A Third Skin - Kotaro Wajima (2009)
I managed to catch Tsuki Inoue's "A Woman Who is Beating the Earth" at the 6th annual Toronto Japanese Short Film Fest and I was so impressed with it that I gave it a full review despite its roughly 20-minute run time. This year Kotaro Wajima's "A Third Skin" had a similar impact on me, so check back this Friday for a full review of this 30-minute mini-masterpiece.
La Maison en Petits Cubes - Kunio Kato (2008)
It's gotten to the point that Kunio Kato's "Domo arigato, Mr. Roboto" Oscar acceptance speech is better known than the film that he actually won the Oscar for. Thankfully TJSFF gave Toronto audiences a chance to see for themselves why Kato took the coveted Best Animated Short Oscar home last year. An old man lives in a cottage that he must continually build on top of in order to keep it above sea level. When he accidentally drops his pipe into the water while moving from the house built below his new one he has to do some deep sea diving in order to retrieve it. In the process he goes through a series of his old homes and reminisces about his life, his family and his late wife. Anyone who had a hard time getting through the memory montages of Pixar's "Up" will have an equally hard time holding back the tears with "La Maison en Petits Cubes". Kato is a masterful animator, but its his keen but gentle insight into the impermanence of life makes this film a true gem.
Komaneko The Curious Cat: The First Step - Tsuneo Goda (2003)
Created by the same team who brought us our ubiquitous toothy friend Domo "Komaneko The Curious Cat: The First Step" feels like a blanket fresh out of the dryer and a steaming cup of coco on a brisk winter day, not that it's set in winter, but its simple story conveys the womb-like comforts of childhood when our imaginations, some stuffed toys (and a warm cup of coco) could easily shut out every care and worry. Komaneko is spending the day in his cozy attic room making a stop-motion film of two toys meeting and falling in love. After hours of work our Curious Cat nods off and his toys finish the job themselves. Japan continues to show us that CGI isn't the only way to go when it comes to animation, and in the case of "Komaneko" director Tsuneo Goda accomplishes this by taking us through the stop-motion animation process right in his film.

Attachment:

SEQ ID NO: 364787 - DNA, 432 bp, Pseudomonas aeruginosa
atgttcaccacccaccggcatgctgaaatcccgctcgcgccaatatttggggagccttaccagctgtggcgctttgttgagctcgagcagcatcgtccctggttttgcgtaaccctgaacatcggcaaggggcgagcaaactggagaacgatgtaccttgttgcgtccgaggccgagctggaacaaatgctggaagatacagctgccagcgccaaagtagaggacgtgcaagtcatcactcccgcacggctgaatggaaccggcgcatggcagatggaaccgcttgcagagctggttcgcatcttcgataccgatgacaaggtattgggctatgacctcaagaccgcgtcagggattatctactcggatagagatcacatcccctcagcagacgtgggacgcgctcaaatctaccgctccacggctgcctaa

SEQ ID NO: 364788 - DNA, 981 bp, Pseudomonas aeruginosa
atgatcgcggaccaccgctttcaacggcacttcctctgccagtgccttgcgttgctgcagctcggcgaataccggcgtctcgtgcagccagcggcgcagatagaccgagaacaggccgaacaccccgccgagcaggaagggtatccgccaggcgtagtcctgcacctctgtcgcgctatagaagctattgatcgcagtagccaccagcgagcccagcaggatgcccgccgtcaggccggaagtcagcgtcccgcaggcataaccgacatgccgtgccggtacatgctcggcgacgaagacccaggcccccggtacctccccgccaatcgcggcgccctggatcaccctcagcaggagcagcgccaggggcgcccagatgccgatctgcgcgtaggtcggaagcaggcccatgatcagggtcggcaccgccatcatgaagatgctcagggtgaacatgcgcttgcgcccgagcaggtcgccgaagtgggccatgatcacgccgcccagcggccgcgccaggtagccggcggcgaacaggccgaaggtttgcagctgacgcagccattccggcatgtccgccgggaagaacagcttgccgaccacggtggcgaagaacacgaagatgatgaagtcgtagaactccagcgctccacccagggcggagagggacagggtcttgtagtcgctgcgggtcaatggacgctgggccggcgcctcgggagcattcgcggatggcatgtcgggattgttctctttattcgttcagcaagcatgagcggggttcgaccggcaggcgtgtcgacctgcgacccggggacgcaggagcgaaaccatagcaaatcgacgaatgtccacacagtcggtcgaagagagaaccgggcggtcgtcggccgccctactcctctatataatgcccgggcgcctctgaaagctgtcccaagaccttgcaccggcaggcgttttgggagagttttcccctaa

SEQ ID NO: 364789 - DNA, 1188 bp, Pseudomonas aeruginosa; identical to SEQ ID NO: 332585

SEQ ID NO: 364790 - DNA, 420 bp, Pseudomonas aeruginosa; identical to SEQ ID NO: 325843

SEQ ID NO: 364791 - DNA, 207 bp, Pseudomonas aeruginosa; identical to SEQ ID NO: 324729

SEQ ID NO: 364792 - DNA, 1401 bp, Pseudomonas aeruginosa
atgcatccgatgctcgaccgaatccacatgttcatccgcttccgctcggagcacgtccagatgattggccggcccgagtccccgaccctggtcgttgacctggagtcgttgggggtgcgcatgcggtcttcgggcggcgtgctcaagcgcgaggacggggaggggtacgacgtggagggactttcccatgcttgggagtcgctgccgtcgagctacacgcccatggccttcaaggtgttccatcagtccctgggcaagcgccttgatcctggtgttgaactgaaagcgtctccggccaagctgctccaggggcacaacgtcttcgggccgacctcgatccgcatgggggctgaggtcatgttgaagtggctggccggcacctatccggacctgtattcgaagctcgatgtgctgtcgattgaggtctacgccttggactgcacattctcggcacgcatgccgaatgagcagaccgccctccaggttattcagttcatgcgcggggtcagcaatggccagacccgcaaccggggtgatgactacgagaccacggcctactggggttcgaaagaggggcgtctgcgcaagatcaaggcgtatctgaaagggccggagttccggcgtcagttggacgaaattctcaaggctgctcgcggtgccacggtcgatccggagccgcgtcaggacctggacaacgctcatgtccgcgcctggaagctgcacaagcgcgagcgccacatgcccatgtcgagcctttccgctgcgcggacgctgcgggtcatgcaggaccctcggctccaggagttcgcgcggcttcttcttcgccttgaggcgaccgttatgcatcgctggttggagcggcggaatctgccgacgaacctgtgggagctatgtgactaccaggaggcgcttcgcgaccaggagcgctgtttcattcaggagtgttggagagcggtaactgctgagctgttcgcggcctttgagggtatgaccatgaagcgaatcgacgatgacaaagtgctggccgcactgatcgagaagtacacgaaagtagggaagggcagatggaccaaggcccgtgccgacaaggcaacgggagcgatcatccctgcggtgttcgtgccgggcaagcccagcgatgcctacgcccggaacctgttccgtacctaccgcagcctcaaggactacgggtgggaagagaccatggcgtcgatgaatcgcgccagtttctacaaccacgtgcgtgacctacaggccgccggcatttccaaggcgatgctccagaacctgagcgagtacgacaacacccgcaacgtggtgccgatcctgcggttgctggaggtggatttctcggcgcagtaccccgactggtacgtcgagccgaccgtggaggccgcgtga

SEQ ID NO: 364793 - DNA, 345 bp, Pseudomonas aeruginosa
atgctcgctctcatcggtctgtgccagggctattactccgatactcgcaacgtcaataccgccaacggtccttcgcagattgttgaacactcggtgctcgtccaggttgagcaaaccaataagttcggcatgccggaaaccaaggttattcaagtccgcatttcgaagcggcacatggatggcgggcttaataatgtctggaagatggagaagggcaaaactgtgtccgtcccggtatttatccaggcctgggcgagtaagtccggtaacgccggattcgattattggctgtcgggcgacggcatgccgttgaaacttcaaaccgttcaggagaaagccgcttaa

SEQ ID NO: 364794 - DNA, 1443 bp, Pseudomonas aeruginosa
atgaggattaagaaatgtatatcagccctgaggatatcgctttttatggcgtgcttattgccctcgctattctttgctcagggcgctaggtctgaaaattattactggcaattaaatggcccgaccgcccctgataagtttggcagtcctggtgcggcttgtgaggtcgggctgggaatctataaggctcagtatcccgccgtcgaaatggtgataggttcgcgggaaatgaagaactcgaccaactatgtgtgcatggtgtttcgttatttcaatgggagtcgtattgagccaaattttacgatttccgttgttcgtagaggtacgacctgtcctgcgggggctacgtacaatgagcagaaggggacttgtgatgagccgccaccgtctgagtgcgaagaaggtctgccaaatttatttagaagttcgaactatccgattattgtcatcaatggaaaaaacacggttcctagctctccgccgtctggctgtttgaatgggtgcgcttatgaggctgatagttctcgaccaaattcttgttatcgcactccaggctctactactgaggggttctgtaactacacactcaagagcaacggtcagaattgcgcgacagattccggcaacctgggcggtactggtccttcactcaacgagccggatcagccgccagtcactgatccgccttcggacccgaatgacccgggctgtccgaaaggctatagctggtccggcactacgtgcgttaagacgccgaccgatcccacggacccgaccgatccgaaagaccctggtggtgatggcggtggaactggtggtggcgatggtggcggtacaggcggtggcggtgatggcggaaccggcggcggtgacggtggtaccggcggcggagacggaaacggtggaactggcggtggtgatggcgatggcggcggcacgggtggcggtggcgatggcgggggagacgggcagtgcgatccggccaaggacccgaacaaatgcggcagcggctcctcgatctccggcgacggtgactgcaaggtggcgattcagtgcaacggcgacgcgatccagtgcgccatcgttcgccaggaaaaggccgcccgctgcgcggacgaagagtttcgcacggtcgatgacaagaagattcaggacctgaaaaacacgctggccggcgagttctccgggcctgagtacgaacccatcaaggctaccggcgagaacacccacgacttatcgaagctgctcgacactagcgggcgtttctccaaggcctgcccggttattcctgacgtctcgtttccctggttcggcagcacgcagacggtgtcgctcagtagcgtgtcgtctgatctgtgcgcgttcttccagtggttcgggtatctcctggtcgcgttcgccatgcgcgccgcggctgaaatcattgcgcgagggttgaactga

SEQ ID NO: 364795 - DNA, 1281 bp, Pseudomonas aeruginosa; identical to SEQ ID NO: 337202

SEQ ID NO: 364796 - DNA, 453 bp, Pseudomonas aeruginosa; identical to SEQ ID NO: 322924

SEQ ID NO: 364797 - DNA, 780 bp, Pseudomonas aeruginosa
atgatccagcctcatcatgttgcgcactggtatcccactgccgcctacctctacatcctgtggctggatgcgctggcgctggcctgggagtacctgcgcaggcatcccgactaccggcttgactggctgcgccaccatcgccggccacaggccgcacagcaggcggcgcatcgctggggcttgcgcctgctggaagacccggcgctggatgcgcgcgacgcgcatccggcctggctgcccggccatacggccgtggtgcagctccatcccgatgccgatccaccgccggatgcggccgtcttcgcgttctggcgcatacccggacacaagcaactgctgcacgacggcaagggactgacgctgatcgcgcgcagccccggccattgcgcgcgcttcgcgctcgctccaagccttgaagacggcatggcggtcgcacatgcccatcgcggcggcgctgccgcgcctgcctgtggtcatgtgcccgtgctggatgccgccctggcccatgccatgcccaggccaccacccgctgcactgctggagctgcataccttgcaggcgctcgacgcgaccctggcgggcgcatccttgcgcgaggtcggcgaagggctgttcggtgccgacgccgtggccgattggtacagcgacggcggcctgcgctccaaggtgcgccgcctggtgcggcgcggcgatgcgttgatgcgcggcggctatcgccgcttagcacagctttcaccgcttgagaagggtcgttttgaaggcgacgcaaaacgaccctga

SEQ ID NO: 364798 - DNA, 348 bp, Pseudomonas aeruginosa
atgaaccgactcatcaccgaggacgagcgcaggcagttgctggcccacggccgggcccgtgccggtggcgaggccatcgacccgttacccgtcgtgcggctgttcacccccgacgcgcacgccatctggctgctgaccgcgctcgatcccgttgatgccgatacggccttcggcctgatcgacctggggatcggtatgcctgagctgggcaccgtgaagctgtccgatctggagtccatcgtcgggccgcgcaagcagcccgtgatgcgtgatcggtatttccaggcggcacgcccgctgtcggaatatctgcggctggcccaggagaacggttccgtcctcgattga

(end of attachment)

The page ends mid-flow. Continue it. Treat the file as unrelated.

Fit Song - Koichiro Tsujikawa (2006)
An empty room comes to life in the music video for Japanese electronic artist Cornelius' single "Fit Song". Directed by Koichiro Tsujikawa a baseball bouncing out of a box, starting a chain reaction that has sugar cubes, light bulbs, matches and toothbrushes dancing on tabletops and through the air. At first the video give you a feeling like you're watching one of the elaborate domino set-ups that fall into intricate designs with the flick of a finger, but very quickly things go zero gravity and a normal apartment becomes a galaxy of everyday items. Clever? Absolutely! But thankfully it's only 4-minutes long. Anything longer would have induced vertigo.
Peeping Life - Ryouichi Mori (2009) (above)
Director Ryouichi Mori has got a comedy goldmine with his "Peeping Life" series of animated shorts. tape an everyday conversation, animate characters around it and voila! Instant laughs! Animator Nick Park uses the same formula for his hilarious "Wallace and Gromit" films, but with "Peeping Life" Mori verges on Samuel Beckett territory with the absurdity and repetitiveness of his conversations. The episode featured at TJSFF, "Fiddle Faddle Couple", takes place between a boyfriend and girlfriend, the latter angered and annoyed that her beau isn't as enthusiastic about her new kawaii outfit as she thinks he should be. Any guy who ever had to dig himself out of a hole with his girlfriend will find this short a little too close for comfort, but in the end that's what makes this so funny.